Stainless steel CNC machining is widely used to creat precision stainless steel components because of its corrosion resistance. There are many grades of stainless steel. Their formability, strength and machinability are different. Grade 304 stainless steel, also known as A2 stainless steel, contains 18% to 20% chromium and 8% to 10% nickel, and grade 316 or A4 stainless steel contains about 16% chromium, 10% nickel and 2% to 3% molybdenum. This means that one of the biggest differences between 304 and 316 stainless steels is the presence of molybdenum in 316 and never added to 304.
The Mo element is added to help it resist the corrosion of chlorides, such as those found in seawater or de-icing salts, which are comparable to titanium and high-nickel alloys. 316 grade stainless steel also contains trace amounts of silicon, carbon and manganese. The presence of molybdenum makes 316 stainless steel known as Marine grade stainless steel. Type 316 stainless steel is more resistant to chemical corrosion. For example, it will resist fatty acids and sulfuric acid at high temperatures. Grade 316 stainless steel can withstand temperatures up to 1600 degrees Fahrenheit, and grade 304 stainless steel is less heat resistant than 316.
Although grade 304 stainless steel is suitable for most other applications, grade 304 stainless steel is cheaper and easier to machine, which is why it is used in wheel covers, electrical housing, and common steel pipes. In fact, 304 stainless steel is the most widely used austenitic stainless steel in the world. It is stronger than “low-carbon” steel, and its heat sensitivity is even lower than that of grade 302 steel. It can withstand the corrosion of most oxidizing acids, making it easy to sterilize, which is why 304 stainless steel is considered ideal for food processing equipment and hot water systems. If not specifically marked, a material test report will be required to know the difference. Items made of 316 stainless steel may be marked inside the circle 6, grade 304 stainless steel is rarely marked in this way.
Which grade of stainless steel is most suitable for CNC machining?
Austenitic stainless steels are generally considered difficult to machine. 300 series stainless steels are easier to machine than 400 series stainless steels. This includes grades 304 and 316. Grade 304 and 316 stainless steels do differ in their machinability. Type 303 stainless steel is probably the easiest 300 series to machine. It is easier to machine than 304. This makes 303 stainless steel the preferred choice for fittings, gears and fasteners with strict tolerances.
304 is easier to machine than 316 stainless steel. 304 grade steel is not only easier to machine with, but also easier to clean, which is one of the reasons why it has so many different finishes, which is why it is used on surfaces visible to the public. Type 316 stainless steel, which is not only difficult to process but also requires special tools for cutting, performs well in resisting pitting but is not as easy to shape, which explains why it is reserved for applications that other types of stainless steel cannot handle.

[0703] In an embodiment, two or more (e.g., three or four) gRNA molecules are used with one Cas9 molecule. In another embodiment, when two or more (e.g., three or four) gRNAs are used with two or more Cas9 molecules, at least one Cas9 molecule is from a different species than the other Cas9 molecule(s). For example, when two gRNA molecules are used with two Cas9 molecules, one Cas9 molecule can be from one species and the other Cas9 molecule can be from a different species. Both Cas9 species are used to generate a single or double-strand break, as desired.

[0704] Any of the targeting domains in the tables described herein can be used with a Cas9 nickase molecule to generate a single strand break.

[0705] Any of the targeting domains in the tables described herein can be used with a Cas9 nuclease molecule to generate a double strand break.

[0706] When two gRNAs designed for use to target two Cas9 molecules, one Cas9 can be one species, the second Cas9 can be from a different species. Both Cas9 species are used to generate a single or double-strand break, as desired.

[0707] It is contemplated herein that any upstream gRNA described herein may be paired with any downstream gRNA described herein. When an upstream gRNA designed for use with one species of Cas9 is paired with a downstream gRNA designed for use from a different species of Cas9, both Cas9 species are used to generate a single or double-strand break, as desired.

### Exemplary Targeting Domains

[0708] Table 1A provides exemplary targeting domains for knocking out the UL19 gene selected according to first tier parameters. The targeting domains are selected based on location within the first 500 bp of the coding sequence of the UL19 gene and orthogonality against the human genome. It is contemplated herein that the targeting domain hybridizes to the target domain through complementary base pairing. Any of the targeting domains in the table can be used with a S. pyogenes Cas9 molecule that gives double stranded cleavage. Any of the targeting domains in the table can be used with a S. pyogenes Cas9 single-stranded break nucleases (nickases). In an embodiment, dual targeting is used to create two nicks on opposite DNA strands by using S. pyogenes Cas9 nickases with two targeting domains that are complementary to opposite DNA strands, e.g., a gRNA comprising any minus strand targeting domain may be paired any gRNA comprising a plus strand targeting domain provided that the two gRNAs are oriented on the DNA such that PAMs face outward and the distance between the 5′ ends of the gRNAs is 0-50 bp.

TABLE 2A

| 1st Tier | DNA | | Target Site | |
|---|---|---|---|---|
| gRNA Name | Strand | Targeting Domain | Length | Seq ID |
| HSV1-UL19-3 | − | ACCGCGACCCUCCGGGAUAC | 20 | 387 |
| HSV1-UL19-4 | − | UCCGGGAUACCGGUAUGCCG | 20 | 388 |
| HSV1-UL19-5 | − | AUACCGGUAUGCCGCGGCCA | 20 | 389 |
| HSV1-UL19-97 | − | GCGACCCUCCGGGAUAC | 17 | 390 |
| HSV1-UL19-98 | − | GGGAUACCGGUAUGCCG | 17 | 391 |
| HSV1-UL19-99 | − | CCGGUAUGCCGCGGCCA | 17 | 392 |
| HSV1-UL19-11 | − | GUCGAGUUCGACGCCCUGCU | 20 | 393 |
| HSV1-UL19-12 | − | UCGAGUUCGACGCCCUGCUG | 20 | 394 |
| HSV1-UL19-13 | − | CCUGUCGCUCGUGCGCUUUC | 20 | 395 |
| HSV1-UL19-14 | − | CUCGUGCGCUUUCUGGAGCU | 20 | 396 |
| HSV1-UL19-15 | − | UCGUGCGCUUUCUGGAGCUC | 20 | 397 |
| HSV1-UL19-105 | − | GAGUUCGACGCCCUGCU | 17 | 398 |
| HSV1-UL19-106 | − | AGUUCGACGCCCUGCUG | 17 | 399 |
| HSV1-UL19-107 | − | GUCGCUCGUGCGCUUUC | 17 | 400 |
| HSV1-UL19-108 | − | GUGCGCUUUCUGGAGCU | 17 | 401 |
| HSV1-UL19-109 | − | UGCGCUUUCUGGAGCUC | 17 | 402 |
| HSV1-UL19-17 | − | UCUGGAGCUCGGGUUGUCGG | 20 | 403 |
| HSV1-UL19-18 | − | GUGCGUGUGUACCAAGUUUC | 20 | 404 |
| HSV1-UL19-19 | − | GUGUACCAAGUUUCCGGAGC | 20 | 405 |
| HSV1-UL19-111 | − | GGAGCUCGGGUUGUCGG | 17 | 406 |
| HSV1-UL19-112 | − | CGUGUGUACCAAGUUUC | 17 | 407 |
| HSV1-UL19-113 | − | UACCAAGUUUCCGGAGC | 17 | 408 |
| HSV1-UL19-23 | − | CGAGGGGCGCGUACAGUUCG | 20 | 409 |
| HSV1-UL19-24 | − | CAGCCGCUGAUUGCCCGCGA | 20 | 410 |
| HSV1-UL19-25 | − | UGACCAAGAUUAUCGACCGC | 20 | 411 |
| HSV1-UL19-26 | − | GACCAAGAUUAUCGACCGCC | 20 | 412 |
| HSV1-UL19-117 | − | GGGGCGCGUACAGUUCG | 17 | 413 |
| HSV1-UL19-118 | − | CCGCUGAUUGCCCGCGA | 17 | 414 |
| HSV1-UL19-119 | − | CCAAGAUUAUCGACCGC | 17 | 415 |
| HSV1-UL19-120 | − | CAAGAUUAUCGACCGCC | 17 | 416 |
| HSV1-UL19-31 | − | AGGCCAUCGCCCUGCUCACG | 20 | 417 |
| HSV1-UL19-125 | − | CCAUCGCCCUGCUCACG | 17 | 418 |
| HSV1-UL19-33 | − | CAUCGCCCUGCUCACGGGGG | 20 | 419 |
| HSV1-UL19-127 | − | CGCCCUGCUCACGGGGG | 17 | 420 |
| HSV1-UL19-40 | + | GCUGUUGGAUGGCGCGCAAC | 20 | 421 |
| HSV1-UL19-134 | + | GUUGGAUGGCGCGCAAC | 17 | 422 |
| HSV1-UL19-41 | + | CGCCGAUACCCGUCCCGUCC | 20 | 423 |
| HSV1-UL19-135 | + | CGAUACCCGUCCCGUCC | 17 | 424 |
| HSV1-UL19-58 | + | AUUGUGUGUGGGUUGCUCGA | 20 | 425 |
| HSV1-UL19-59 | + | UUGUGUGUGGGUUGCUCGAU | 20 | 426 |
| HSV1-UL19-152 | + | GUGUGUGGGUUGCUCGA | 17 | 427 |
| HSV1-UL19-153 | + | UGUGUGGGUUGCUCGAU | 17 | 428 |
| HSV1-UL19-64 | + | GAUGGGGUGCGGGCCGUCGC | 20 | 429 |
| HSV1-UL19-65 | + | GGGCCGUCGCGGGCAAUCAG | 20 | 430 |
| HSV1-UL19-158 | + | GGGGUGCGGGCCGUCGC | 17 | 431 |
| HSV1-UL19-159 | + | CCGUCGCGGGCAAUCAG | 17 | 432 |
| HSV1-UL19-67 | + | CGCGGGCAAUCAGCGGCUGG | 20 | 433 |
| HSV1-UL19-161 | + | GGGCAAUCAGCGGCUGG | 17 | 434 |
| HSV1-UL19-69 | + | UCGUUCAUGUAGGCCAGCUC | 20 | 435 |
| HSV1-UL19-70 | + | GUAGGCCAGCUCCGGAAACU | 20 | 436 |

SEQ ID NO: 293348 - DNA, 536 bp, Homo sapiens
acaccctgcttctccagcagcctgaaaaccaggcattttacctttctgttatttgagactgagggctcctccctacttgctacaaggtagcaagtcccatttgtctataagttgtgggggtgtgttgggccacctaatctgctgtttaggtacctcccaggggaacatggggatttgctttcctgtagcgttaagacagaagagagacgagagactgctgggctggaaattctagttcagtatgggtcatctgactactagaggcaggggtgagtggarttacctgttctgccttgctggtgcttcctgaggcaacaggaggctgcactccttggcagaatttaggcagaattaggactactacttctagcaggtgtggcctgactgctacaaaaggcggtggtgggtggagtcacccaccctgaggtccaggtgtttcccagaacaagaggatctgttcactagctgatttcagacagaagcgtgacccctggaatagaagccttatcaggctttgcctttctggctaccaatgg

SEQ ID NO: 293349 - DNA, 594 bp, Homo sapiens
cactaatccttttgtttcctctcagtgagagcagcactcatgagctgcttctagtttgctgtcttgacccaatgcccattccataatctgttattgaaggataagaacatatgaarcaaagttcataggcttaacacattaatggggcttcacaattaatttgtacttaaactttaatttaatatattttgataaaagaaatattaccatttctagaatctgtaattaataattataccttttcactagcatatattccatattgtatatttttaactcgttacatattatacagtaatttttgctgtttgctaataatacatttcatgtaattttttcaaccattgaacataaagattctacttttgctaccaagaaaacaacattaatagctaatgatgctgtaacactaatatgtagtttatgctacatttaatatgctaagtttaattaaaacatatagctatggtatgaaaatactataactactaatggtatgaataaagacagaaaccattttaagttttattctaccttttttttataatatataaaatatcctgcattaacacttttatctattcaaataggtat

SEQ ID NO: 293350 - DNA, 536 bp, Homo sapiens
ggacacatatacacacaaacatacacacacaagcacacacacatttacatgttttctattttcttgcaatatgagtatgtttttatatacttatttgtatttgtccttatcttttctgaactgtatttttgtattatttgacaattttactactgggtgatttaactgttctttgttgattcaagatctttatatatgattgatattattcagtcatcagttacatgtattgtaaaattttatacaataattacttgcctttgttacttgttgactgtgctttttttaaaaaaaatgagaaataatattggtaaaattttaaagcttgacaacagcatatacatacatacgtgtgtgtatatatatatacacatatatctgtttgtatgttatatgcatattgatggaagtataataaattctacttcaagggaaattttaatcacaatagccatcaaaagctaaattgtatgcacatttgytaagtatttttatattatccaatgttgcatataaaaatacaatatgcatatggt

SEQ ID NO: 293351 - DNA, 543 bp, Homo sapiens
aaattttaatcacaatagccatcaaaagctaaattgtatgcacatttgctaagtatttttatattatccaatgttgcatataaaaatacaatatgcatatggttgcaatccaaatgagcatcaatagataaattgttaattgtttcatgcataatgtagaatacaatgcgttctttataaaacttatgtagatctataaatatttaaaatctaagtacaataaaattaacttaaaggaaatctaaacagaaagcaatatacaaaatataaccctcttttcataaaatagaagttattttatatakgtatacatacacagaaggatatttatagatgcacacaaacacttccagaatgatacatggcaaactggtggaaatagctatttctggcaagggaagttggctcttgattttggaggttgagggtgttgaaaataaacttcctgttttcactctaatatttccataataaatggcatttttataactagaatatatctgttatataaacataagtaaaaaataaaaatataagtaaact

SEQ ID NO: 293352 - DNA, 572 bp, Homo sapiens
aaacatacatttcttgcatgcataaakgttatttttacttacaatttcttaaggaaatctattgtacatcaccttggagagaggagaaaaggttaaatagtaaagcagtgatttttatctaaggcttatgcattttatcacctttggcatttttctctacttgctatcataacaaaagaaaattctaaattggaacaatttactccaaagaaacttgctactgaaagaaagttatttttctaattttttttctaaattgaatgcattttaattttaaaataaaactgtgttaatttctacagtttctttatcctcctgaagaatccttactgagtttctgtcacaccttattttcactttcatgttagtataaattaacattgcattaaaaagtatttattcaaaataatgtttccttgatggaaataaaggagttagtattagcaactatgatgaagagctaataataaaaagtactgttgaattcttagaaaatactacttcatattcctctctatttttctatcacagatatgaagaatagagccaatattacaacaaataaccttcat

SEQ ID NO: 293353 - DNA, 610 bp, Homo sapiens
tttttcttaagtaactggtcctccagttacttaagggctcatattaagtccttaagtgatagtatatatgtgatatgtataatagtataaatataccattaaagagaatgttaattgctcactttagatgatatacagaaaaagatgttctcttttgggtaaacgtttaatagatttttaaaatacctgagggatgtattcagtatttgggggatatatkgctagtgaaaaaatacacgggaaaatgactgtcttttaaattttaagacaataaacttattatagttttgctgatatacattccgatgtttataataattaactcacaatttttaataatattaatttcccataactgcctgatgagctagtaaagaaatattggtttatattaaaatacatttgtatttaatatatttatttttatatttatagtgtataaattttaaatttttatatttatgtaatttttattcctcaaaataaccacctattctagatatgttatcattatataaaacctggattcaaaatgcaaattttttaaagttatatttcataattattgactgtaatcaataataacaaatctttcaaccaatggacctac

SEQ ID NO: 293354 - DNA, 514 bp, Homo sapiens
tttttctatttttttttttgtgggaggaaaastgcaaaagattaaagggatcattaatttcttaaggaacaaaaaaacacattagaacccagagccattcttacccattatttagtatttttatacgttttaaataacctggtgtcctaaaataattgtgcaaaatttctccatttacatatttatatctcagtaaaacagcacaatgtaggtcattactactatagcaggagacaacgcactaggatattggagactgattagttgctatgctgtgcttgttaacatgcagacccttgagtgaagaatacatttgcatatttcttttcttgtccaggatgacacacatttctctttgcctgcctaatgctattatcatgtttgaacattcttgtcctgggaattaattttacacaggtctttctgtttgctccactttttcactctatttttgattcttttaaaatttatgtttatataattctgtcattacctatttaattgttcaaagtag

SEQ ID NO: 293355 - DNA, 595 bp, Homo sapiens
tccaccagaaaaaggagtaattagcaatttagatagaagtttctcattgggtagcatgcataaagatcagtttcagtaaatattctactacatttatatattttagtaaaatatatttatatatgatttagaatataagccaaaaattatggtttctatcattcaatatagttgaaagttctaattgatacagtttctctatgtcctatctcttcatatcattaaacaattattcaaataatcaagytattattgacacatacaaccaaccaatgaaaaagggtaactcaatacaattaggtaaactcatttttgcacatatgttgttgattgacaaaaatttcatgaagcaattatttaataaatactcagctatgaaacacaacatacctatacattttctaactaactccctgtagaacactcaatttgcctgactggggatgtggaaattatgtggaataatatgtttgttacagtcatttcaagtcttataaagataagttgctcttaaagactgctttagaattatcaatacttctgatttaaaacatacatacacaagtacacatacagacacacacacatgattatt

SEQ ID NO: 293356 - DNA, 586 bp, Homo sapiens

What type of stainless steel is easier to machine?
Stainless steel grades have a range of allowable other metal contents to maximize machinability. In addition to the machinability differences between the various types of stainless steel, this makes grade 316 steel easier to process than 316B. 316 steel has a machinability rating of 60, while 316B has a machinability rating of 50. 304 and 304L have the same machinability rating of 70. In contrast, alloy 303 is the easiest stainless steel to machine with. It has a machinability rating of 150 and a benchmark machinability rating of 100.
How to improve the machinability of stainless steel?
The addition of sulfur or selenium will also improve the workability of stainless steel, which is more likely to corrode and interfere with welding. The sulfur content of stainless steel 303 is much lower than that of stainless steel 304, and the allowable carbon content of weldable stainless steel is lower. For example, 304 stainless steel contains up to 0.08% carbon, while 304L or weldable 304 stainless steel contains up to 0.03% carbon, which does not really affect its machinability.
How to CNC machine 304 & 316 stainless steels?
When machining 304 and 316 stainless steel components, if you do not want the machine to be subjected to excessive vibration, all machine shops need to use large machines. Small lathes and milling machines can not cut these grades of stainless steel. Either carbide or high speed steel (HSS) tools can be used for any type of stainless steel, and HSS tools are a better choice when working at lower cutting speeds.
All 300 series stainless steels have some degree of work hardening, and grade 316 is more prone to hardening and requires more effort to prevent this from happening. One solution is to use sharp tools and replace them when they start to wear out, working at a slower rate and higher feed than machining 304 stainless steel. When machining 304 stainless steel, it should be processed at a slower speed.
When machining 304 and 316 stainless steels, there are several ways to make 300 series stainless steels easier to machine. Heat treatment can be performed to make the metal easier to work with, for example, normalizing the steel to a temperature above the annealing temperature. Held long enough to produce smaller austenitic grains, which improves the machinability of steels, these types of steels have low thermal conductivity. Care needs to be taken not to overheat the surface, which can also cause distortions that are difficult to repair. Oil lubrication is used to reduce tool wear and cool objects, mineral oil or water-soluble emulsified oil can be used, and carbide tools are used for high speed work.